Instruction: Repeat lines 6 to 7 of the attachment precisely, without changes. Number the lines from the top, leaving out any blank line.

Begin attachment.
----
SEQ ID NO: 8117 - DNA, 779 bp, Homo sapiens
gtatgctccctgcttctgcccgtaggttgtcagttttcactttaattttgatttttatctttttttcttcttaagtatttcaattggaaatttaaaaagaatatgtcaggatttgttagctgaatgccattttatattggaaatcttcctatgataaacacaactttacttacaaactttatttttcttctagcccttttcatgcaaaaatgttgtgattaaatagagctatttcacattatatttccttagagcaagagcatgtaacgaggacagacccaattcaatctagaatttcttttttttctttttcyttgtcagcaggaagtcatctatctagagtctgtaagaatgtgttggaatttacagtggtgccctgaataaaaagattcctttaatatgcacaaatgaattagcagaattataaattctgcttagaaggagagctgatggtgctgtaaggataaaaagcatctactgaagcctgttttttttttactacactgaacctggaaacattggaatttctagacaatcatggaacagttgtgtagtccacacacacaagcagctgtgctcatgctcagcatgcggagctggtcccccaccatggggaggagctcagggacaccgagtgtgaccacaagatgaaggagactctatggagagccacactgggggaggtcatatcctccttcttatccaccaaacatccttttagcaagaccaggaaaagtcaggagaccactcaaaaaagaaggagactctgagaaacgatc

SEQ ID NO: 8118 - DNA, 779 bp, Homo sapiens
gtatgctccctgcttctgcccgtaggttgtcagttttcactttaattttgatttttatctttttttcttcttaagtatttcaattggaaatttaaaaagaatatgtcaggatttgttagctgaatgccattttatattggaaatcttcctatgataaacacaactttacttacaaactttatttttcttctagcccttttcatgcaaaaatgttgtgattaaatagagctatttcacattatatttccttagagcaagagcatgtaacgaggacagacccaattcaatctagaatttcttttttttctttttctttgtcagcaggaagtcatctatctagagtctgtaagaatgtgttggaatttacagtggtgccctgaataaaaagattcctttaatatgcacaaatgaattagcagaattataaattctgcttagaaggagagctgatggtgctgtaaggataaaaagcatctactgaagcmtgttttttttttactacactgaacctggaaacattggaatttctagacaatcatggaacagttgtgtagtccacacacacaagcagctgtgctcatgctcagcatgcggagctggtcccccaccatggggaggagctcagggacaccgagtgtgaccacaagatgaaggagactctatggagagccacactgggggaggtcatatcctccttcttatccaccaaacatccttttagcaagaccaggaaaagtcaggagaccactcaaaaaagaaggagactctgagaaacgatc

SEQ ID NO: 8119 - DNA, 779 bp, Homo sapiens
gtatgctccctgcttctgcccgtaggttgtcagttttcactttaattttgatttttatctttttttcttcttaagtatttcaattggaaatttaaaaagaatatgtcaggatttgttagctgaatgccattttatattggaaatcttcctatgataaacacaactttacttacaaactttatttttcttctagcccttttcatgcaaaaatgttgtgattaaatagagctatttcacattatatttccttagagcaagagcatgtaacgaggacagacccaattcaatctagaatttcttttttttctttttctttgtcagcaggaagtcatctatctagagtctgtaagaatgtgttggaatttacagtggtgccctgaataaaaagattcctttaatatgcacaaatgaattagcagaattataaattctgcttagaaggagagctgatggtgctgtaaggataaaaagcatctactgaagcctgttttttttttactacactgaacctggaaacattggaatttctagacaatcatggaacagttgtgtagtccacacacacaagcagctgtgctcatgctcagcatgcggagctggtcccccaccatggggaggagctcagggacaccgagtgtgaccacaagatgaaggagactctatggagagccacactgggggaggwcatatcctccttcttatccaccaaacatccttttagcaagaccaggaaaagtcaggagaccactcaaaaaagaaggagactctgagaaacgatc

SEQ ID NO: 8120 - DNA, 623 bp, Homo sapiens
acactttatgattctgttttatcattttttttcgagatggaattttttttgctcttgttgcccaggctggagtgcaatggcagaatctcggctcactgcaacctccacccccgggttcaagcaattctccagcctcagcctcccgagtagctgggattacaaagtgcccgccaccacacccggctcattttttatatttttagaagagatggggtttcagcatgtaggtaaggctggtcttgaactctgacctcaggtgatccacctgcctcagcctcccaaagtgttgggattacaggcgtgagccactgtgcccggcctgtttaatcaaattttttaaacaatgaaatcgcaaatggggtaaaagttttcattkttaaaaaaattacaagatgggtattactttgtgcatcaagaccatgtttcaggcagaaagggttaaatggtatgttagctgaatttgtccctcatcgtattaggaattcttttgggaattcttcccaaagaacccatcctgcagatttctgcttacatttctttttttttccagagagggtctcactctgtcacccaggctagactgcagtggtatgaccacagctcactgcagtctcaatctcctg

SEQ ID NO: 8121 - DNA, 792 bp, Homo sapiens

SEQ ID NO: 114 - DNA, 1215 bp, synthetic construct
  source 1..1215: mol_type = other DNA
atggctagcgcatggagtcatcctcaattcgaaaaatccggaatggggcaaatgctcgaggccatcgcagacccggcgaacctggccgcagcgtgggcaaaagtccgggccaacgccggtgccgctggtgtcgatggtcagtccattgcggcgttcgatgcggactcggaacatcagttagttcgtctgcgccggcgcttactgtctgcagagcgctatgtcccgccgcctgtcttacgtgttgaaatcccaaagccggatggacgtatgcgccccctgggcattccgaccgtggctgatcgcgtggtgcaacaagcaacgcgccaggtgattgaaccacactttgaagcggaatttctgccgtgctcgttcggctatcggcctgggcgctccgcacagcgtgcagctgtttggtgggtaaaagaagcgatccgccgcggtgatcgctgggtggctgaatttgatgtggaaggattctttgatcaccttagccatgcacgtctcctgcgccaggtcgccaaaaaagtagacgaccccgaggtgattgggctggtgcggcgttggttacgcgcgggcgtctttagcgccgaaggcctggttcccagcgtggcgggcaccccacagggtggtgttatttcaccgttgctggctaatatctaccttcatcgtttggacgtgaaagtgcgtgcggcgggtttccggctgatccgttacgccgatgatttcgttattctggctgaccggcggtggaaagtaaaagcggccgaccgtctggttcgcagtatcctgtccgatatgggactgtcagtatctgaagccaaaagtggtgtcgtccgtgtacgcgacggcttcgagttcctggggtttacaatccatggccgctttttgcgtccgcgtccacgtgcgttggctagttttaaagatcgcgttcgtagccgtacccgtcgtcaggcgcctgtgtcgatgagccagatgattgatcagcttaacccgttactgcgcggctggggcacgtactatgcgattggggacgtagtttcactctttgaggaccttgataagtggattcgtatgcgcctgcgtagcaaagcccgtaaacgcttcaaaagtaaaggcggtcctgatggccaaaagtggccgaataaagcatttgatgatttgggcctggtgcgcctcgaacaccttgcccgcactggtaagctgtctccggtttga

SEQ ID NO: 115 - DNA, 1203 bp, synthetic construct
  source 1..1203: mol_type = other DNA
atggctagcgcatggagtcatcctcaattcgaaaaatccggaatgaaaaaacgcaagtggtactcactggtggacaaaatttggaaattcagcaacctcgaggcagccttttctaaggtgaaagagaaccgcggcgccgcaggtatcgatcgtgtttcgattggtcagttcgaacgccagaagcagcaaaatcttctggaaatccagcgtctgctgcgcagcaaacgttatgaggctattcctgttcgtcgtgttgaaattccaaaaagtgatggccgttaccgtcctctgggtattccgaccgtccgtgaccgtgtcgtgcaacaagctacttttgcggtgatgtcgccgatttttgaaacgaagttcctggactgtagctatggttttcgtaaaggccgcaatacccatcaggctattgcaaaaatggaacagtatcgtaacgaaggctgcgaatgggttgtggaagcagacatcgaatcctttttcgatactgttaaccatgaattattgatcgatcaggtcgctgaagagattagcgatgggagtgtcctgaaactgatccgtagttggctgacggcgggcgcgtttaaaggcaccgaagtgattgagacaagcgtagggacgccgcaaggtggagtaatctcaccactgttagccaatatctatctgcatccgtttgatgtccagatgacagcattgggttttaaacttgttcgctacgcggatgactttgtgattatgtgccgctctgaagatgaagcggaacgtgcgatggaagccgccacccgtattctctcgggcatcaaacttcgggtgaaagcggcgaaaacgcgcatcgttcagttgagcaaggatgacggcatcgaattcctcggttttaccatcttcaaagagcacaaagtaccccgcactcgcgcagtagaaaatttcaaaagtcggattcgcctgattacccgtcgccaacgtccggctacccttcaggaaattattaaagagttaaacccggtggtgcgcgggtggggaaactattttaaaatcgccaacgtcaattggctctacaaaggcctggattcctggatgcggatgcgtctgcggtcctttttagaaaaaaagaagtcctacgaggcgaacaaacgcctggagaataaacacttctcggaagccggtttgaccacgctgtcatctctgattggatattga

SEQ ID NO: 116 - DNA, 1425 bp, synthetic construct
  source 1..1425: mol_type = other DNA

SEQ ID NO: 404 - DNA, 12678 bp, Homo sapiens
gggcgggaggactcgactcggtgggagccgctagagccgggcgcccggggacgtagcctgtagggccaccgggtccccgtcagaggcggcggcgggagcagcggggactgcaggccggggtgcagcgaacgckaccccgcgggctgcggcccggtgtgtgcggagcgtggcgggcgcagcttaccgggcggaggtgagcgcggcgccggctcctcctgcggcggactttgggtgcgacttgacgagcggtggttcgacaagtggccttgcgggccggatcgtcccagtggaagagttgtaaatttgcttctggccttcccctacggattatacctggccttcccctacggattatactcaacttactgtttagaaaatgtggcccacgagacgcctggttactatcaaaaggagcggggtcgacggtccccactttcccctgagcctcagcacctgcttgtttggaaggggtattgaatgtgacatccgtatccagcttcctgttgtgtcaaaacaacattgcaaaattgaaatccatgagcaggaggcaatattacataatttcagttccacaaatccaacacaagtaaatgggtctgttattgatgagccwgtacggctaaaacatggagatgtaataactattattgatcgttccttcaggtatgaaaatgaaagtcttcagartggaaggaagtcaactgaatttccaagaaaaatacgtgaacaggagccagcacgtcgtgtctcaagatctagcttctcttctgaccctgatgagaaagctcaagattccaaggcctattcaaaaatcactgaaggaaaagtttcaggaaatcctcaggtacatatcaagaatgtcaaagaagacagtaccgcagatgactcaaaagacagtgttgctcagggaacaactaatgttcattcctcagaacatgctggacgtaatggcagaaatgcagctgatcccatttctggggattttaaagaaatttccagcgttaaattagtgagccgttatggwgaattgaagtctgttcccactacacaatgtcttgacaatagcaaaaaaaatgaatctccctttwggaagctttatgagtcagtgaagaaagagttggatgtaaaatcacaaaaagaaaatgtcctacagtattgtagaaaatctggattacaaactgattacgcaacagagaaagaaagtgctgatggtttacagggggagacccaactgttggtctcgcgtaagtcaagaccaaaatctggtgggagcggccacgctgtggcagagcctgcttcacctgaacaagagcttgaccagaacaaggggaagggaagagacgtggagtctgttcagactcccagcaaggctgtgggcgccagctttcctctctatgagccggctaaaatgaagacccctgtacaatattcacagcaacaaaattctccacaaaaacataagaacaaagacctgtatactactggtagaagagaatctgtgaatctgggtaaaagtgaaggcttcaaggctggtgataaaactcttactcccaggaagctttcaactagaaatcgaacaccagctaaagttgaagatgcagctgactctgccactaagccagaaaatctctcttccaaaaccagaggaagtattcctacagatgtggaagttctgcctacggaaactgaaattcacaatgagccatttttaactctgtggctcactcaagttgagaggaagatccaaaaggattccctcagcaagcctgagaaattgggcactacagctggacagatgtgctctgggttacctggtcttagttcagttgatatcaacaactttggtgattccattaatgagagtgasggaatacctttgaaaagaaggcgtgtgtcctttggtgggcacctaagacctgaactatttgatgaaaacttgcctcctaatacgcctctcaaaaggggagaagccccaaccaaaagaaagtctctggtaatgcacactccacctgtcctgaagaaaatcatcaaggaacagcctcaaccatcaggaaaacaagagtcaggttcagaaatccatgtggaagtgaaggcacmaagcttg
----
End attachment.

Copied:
gtatgctccctgcttctgcccgtaggttgtcagttttcactttaattttgatttttatctttttttcttcttaagtatttcaattggaaatttaaaaagaatatgtcaggatttgttagctgaatgccattttatattggaaatcttcctatgataaacacaactttacttacaaactttatttttcttctagcccttttcatgcaaaaatgttgtgattaaatagagctatttcacattatatttccttagagcaagagcatgtaacgaggacagacccaattcaatctagaatttcttttttttctttttctttgtcagcaggaagtcatctatctagagtctgtaagaatgtgttggaatttacagtggtgccctgaataaaaagattcctttaatatgcacaaatgaattagcagaattataaattctgcttagaaggagagctgatggtgctgtaaggataaaaagcatctactgaagcctgttttttttttactacactgaacctggaaacattggaatttctagacaatcatggaacagttgtgtagtccacacacacaagcagctgtgctcatgctcagcatgcggagctggtcccccaccatggggaggagctcagggacaccgagtgtgaccacaagatgaaggagactctatggagagccacactgggggaggwcatatcctccttcttatccaccaaacatccttttagcaagaccaggaaaagtcaggagaccactcaaaaaagaaggagactctgagaaacgatc

SEQ ID NO: 8120 - DNA, 623 bp, Homo sapiens